Harman Patil (Editor)

Anterior inferior cerebellar artery

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Source  Basilar artery
TA  A12.2.08.019
Branches  Labyrinthine artery
Anterior inferior cerebellar artery
Vein  Inferior cerebellar veins
Supplies  Anteroinferior surface of the cerebellum, the flocculus, middle cerebellar peduncle and inferolateral portion of the pons.
Latin  Arteria cerebelli inferior anterior

The anterior inferior cerebellar artery (AICA) is one of three pairs of arteries that supplies blood to the cerebellum.

It arises from the basilar artery on each side at the level of the junction between the medulla oblongata and the pons in the brainstem. It has a variable course, passing backward to be distributed to the anterior part of the undersurface of the cerebellum, anastomosing with both the posterior inferior cerebellar (PICA) branch of the vertebral artery and the superior cerebellar artery.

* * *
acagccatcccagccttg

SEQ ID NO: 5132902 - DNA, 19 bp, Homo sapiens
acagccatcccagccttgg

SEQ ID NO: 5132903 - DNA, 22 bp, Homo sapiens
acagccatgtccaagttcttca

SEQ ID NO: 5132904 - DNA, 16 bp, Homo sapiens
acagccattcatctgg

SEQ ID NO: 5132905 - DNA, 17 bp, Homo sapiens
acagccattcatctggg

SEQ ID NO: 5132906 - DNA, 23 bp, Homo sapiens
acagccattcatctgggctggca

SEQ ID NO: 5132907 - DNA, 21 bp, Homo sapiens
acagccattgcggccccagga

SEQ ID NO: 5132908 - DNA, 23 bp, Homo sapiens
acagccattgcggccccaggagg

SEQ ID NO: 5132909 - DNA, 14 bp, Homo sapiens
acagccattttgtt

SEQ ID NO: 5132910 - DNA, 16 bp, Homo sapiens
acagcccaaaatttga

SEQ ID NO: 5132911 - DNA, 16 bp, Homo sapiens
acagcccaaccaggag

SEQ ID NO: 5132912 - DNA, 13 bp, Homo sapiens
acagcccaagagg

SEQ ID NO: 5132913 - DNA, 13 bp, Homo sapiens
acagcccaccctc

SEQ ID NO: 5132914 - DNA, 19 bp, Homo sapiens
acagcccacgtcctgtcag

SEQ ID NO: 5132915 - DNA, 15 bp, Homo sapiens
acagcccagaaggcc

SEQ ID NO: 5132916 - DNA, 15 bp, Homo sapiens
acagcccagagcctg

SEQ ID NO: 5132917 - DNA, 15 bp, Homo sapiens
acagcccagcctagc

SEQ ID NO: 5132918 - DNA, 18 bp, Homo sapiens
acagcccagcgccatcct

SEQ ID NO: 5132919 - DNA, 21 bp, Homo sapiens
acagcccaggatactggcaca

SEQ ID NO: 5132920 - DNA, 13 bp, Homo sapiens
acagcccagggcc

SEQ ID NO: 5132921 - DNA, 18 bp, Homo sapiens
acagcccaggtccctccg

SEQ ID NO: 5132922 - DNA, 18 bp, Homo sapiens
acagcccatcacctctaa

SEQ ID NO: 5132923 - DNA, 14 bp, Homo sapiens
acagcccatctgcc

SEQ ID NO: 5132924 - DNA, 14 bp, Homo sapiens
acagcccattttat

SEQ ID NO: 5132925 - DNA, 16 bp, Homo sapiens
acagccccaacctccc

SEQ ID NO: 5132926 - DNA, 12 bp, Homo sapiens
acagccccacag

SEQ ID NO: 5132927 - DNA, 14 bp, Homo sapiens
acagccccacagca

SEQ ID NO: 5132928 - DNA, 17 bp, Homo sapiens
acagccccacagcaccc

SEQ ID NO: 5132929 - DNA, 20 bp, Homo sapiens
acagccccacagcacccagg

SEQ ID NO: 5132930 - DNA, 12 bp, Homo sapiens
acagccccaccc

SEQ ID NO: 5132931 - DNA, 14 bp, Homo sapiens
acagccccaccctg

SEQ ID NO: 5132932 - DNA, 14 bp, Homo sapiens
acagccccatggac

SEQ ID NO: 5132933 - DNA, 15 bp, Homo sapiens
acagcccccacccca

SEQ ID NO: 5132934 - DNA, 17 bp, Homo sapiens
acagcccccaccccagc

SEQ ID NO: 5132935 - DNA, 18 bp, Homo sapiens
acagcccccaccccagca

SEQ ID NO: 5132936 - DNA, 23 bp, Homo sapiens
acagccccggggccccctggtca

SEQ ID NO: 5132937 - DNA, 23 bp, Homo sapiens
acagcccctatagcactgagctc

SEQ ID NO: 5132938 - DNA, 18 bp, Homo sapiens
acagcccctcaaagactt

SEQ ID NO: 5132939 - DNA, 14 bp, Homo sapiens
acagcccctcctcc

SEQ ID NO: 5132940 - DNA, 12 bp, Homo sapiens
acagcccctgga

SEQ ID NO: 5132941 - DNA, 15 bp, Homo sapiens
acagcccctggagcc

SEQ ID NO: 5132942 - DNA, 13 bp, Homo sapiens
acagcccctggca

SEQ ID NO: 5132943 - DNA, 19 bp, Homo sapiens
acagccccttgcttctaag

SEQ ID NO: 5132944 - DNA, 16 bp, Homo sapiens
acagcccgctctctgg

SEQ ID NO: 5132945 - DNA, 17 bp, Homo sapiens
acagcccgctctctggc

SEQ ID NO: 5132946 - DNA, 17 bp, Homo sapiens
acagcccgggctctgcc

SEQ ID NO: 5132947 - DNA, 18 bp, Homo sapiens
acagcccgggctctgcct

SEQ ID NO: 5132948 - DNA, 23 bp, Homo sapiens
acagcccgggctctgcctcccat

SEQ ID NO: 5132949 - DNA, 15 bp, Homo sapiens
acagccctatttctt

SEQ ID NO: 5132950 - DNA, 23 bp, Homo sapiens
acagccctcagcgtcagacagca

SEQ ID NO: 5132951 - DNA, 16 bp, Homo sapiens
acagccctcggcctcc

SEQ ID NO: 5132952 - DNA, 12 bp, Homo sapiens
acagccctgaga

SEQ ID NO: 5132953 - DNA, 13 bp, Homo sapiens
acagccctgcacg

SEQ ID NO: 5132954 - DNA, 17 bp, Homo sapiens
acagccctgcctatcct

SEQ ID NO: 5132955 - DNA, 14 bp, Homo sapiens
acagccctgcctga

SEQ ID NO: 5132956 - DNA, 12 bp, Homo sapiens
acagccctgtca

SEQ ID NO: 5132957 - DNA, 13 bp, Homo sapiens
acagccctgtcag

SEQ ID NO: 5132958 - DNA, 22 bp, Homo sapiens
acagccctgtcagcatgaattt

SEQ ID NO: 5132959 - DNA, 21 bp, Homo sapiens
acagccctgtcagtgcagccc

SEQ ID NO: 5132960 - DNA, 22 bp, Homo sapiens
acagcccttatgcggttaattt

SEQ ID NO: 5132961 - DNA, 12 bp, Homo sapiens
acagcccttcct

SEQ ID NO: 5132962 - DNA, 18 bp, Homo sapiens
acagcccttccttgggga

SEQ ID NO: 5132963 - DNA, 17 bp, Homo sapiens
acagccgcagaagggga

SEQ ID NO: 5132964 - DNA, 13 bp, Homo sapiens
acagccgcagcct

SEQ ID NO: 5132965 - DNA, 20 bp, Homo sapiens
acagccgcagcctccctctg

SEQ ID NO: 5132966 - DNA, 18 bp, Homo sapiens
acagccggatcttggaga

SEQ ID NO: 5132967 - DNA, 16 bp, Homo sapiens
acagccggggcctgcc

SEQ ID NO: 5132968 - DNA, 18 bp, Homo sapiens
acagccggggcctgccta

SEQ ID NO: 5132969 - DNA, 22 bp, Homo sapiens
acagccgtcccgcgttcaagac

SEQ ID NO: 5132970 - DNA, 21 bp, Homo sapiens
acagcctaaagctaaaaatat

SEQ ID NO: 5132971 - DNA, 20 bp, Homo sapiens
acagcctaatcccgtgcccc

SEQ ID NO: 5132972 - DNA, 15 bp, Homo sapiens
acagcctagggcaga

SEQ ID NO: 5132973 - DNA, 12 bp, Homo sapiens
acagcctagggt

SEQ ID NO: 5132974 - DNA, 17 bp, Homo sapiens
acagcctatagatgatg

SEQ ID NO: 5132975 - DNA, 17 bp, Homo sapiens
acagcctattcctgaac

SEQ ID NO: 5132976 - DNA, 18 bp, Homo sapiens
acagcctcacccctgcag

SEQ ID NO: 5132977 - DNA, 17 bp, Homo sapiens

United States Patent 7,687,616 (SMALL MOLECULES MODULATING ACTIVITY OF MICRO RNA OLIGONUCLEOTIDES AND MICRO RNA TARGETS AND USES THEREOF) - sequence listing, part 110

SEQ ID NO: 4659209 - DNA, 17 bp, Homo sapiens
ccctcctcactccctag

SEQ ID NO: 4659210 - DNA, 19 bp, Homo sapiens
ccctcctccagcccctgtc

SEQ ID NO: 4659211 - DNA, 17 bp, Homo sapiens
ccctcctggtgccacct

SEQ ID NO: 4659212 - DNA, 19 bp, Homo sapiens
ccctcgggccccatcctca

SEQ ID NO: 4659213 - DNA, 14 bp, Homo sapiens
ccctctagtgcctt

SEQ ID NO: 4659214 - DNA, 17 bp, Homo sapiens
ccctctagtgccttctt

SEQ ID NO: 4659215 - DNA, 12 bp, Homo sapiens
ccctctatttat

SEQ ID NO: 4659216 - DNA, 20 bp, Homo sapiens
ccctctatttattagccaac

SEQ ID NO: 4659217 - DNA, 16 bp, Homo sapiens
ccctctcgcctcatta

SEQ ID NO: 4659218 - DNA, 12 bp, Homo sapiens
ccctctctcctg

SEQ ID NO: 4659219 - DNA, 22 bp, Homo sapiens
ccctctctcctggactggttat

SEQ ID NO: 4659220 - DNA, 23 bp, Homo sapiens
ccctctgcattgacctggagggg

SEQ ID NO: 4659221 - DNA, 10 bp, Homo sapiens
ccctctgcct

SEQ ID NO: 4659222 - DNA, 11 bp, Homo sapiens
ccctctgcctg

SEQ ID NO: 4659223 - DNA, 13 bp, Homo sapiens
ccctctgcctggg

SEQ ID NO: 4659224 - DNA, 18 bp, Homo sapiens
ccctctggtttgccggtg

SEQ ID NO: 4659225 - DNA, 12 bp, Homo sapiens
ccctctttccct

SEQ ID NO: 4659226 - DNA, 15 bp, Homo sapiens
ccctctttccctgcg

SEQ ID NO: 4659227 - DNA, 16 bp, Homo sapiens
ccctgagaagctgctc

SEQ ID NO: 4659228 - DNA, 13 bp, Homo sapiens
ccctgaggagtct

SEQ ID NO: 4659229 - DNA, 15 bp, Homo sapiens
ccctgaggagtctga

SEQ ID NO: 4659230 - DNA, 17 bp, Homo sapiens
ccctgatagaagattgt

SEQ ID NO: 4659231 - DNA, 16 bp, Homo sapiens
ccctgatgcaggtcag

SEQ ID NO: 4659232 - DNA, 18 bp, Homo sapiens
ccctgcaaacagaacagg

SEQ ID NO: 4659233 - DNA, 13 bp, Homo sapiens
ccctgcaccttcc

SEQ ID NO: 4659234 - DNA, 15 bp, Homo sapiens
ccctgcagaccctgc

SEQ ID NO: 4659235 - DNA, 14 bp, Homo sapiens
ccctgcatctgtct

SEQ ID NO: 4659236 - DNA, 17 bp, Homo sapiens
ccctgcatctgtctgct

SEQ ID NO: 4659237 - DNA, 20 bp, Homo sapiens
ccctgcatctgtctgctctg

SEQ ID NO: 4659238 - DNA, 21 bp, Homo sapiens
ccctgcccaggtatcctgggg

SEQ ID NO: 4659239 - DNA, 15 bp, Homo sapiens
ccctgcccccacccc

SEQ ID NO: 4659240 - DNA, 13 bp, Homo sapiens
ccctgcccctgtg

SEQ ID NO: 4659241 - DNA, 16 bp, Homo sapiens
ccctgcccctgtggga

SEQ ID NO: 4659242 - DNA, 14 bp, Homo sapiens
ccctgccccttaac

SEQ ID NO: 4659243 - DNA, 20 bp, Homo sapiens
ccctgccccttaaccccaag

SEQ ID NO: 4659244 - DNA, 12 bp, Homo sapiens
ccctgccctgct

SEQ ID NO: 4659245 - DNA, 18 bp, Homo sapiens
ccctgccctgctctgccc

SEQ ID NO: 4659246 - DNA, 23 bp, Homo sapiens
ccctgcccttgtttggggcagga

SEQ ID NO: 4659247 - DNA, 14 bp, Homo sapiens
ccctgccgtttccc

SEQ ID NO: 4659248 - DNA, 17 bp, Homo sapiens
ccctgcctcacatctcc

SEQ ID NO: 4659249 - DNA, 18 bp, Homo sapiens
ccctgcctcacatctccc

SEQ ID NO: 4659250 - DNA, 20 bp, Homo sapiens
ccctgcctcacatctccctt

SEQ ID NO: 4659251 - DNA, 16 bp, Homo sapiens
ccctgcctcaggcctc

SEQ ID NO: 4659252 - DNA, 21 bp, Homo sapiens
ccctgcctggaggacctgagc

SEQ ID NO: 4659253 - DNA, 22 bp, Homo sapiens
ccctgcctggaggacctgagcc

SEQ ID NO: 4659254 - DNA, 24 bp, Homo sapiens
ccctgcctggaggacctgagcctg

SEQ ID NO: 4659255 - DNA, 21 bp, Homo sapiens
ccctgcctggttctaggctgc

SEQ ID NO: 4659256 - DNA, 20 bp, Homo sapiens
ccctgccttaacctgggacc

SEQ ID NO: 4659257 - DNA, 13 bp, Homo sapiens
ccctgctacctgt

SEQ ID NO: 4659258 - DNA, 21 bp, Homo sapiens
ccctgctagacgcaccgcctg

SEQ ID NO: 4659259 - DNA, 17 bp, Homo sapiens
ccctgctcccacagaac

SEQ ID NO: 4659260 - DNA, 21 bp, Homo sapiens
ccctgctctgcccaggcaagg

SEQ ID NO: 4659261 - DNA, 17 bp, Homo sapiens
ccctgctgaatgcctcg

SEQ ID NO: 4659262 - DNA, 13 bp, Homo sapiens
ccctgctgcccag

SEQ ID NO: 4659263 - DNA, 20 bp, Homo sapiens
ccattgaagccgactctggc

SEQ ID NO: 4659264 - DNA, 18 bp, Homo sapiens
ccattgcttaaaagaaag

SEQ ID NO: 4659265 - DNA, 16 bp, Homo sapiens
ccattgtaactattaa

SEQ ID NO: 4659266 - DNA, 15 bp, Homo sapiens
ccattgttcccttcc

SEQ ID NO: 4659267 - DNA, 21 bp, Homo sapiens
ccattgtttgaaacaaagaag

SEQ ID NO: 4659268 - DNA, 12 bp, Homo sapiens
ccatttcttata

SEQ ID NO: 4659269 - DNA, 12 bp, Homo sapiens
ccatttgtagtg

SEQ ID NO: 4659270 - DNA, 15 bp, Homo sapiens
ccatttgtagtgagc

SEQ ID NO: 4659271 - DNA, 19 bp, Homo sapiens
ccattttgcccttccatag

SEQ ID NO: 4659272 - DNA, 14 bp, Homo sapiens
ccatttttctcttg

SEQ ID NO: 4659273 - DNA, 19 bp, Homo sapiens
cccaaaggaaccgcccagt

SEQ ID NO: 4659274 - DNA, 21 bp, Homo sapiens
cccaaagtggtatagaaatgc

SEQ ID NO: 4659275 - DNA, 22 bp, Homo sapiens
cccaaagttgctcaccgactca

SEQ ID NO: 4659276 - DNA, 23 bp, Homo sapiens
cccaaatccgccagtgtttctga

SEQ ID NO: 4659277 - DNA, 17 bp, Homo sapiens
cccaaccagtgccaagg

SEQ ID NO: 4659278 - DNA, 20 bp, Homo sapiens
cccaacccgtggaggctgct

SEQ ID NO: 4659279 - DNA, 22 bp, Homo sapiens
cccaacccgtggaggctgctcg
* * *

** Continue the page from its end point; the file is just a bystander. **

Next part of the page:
It also gives off the internal auditory or labyrinthine artery in most cases; however, the labyrinthine artery can less commonly emerge as a branch of the basilar artery.

The amount of tissue supplied by the AICA is variable, depending upon whether the PICA is more or less dominant, but usually includes the anteroinferior surface of the cerebellum, the flocculus, middle cerebellar peduncle and inferolateral portion of the pons.

Clinical significance

Occlusion of AICA is considered rare, but generally results in a lateral pontine syndrome, also known as AICA syndrome. The symptoms include sudden onset of vertigo and vomiting, nystagmus, dysarthria, falling to the side of the lesion (due to damage to vestibular nuclei), and a variety of ipsilateral features including hemiataxia, loss of all modalities of sensation of the face (due to damage to the principal sensory trigeminal nucleus), facial paralysis (due to damage to the facial nucleus), and hearing loss and tinnitus (due to damage to the cochlear nuclei). There is also loss of pain and temperature sensation from the contralateral limbs and trunk, which can lead to diagnostic confusion with lateral medullary syndrome, which also gives rise to "crossed" neurological signs but does not normally cause cochlear symptoms, severe facial palsy or multimodal facial sensory loss.


Anterior inferior cerebellar artery Wikipedia